Crustal and Mantle processes

A good part of the research effort of the Institute of Earth Sciences is directed toward the Earth´s crust, its composition, generation, movements, and fracturing.  Iceland is particularly well suited for research in this field, being one of few places on Earth where these processes can be observed above sea level. New crust is generally formed at divergent plate boundaries and most of them are on mid-oceanic ridges beneath 2-3 thousand meters of water.


Several research methods are applied at the institute. Petrological analyses give information on the chemical composition of the crust and the chemical processes at work. The structure of the crust is investigated by seismic refraction methods. Seismic waves from man-made earthquakes are measured and their path traced through the crust. Surface waves from earthquakes around Iceland are also used to investigate the structure of the crust and the uppermost layers of the underlying mantle. Body waves (P- and S-waves) from distant earthquakes can be used to make tomographic images of the mantle beneath Iceland. They show the location of a plume of hot but solid material, slowly rising beneath Iceland. It partially melts and feeds the abundant volcanism of Iceland. Measurements of seismic wave attenuation give information on the physical properties of the material they pass through. Partially molten material attenuates the waves more than solid material. Molten material does not transmit S-waves at all.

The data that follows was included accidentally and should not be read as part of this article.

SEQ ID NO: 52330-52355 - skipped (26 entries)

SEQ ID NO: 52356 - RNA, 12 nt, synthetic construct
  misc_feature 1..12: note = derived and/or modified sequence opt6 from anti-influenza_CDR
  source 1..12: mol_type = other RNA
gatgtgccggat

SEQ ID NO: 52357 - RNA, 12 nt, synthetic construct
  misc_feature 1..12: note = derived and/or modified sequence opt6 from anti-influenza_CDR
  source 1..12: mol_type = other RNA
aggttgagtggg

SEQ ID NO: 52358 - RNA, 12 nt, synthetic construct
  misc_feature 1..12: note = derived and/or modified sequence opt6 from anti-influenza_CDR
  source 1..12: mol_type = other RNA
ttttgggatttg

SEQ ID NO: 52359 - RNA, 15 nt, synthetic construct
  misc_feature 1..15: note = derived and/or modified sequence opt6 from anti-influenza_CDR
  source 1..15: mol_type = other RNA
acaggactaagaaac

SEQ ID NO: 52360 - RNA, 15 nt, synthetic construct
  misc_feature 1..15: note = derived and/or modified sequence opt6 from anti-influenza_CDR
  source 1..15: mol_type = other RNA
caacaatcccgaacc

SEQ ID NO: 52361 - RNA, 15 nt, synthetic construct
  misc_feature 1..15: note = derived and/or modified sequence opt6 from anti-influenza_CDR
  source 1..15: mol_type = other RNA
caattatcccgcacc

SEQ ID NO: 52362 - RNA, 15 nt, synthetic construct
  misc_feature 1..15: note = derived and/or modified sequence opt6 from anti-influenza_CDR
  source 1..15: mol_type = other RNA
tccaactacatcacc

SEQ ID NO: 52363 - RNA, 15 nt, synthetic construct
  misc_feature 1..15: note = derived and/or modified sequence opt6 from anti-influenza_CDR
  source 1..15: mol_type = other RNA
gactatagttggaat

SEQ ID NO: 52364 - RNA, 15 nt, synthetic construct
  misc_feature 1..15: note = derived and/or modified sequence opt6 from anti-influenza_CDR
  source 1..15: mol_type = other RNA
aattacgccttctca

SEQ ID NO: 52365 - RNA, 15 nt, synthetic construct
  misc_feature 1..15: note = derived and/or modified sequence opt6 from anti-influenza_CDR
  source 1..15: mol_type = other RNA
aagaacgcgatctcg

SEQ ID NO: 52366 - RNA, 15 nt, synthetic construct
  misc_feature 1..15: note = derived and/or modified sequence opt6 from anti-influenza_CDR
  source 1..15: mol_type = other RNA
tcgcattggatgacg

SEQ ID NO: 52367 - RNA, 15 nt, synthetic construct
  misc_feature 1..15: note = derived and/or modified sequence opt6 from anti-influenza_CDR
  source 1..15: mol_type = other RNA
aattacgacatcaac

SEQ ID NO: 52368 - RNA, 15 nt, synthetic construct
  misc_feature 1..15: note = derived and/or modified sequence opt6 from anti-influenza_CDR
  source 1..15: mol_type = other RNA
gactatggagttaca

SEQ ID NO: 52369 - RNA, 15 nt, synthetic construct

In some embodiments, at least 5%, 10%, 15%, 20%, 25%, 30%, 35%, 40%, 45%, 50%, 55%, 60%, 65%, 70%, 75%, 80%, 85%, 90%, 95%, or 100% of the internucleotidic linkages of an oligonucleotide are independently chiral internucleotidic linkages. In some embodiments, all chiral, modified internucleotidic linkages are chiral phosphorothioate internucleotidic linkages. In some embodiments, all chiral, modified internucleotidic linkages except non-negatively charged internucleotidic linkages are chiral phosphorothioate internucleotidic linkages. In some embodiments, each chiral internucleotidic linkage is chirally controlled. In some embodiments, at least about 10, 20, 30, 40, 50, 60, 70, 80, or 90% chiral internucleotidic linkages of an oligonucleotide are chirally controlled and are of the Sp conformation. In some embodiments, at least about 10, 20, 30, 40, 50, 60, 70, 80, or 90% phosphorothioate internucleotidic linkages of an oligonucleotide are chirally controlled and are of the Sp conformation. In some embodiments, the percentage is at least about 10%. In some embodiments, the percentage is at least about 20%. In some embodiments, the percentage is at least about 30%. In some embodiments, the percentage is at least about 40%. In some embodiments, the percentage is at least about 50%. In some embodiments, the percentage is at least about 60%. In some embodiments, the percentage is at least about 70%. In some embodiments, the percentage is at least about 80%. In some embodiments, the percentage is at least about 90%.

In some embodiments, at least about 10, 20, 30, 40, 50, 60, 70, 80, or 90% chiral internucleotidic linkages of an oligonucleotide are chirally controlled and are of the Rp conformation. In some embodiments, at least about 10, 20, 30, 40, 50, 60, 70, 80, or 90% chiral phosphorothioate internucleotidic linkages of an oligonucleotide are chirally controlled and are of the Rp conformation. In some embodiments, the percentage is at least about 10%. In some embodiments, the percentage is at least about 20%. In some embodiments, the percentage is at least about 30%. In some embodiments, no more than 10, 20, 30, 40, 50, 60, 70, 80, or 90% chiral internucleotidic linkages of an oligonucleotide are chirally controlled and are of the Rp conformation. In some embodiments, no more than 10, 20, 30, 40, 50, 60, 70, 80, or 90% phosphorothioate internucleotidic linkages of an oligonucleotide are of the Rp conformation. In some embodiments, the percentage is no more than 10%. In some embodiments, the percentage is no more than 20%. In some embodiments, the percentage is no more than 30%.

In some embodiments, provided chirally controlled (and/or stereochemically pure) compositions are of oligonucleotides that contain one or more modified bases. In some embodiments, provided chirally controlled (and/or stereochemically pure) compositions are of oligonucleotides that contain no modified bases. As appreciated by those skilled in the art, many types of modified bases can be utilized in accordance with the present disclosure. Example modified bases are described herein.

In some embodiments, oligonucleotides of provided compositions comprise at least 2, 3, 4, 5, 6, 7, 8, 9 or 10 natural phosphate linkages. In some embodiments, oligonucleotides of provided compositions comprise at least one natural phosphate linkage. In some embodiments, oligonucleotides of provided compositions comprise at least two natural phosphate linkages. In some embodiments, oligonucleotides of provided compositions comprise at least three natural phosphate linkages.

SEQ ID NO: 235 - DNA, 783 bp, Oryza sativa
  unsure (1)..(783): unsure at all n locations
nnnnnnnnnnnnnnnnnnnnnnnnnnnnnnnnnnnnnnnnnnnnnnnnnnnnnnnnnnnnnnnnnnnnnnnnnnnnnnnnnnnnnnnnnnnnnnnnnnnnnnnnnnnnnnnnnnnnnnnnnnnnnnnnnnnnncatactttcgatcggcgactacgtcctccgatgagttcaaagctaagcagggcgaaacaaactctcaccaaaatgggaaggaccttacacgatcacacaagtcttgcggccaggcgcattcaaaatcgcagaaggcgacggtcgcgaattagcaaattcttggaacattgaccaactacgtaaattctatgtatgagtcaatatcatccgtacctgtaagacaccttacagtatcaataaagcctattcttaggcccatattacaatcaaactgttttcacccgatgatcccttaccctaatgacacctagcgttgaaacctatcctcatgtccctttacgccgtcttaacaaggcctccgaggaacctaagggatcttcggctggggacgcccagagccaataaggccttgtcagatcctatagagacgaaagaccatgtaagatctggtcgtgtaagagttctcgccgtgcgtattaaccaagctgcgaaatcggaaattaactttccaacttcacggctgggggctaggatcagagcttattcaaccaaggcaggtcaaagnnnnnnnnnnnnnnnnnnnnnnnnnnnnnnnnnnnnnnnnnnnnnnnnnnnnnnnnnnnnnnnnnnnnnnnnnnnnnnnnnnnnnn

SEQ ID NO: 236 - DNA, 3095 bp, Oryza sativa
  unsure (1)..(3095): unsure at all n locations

Repeated, precise geodetic surveys are used to determine movements of the Earth´s crust. GPS-geodesy conducted on a countrywide scale shows the movements of the two major lithospheric plates, North America and Eurasia, as they move apart. The measurements also show how the interior of Iceland is rising in response to the un-loading of the crust, as the glaciers are melting due to global warming. Crustal deformation around volcanic centers gives indications about magma movements in their roots. Harnessing of geothermal heat also leads to measureable deformation of the crust around geothermal power plants. GPS-geodetic measurements are conducted both in a campaign-mode, i.e. temporary measurements on dense networks of points, and in a continuous mode, where an instrument is installed permanently and operated for a long time in the same place. InSAR-measurements, interferometric radar measurements from satellites, give a 2-dimensional map of the deformation field over a large area. Gravity measurements give information about mass movements, e.g. movements of magma in the roots of volcanoes.

The Earth´s crust breaks when it is exposed to high stress. The sudden movement generates waves that propagate from the point of failure. This constitutes an earthquake. By measuring the waves on a network of seismographs the source can be located and the focal mechanism of the event can be determined, i.e. the movement along the fault plane that produced the event. Measurements of the crustal movement around the fault by GPS and InSAR can also be used to deduce the movements along the fault plane. Fault movements often extend to the surface of the Earth and leave a pattern of fractures. Fracture mapping can give valuable information on the fault movements at depth, e.g. whether strike-slip took place like in the South Iceland Seismic Zone, or whether divergent motion dominates, s.a. in the fissure swarms of the volcanic zones, e.g. along the plate boundary in North Iceland.

Measurements of crustal movements indicate where stress is building up and how fast. They therefore have some predictive value as to the location and timing of the next large earthquakes. Radon measurements in hot groundwater have also been conducted for the same purpose. Several cases are known where radon changed shortly before earthquakes. Significant changes in radon were detected in conjunction with the earthquakes in South Iceland in 2000.

Model calculations are frequently used for comparison with measured data for the purpose of interpretation. Comparisons may also be useful with other areas in the world where similar processes are at work.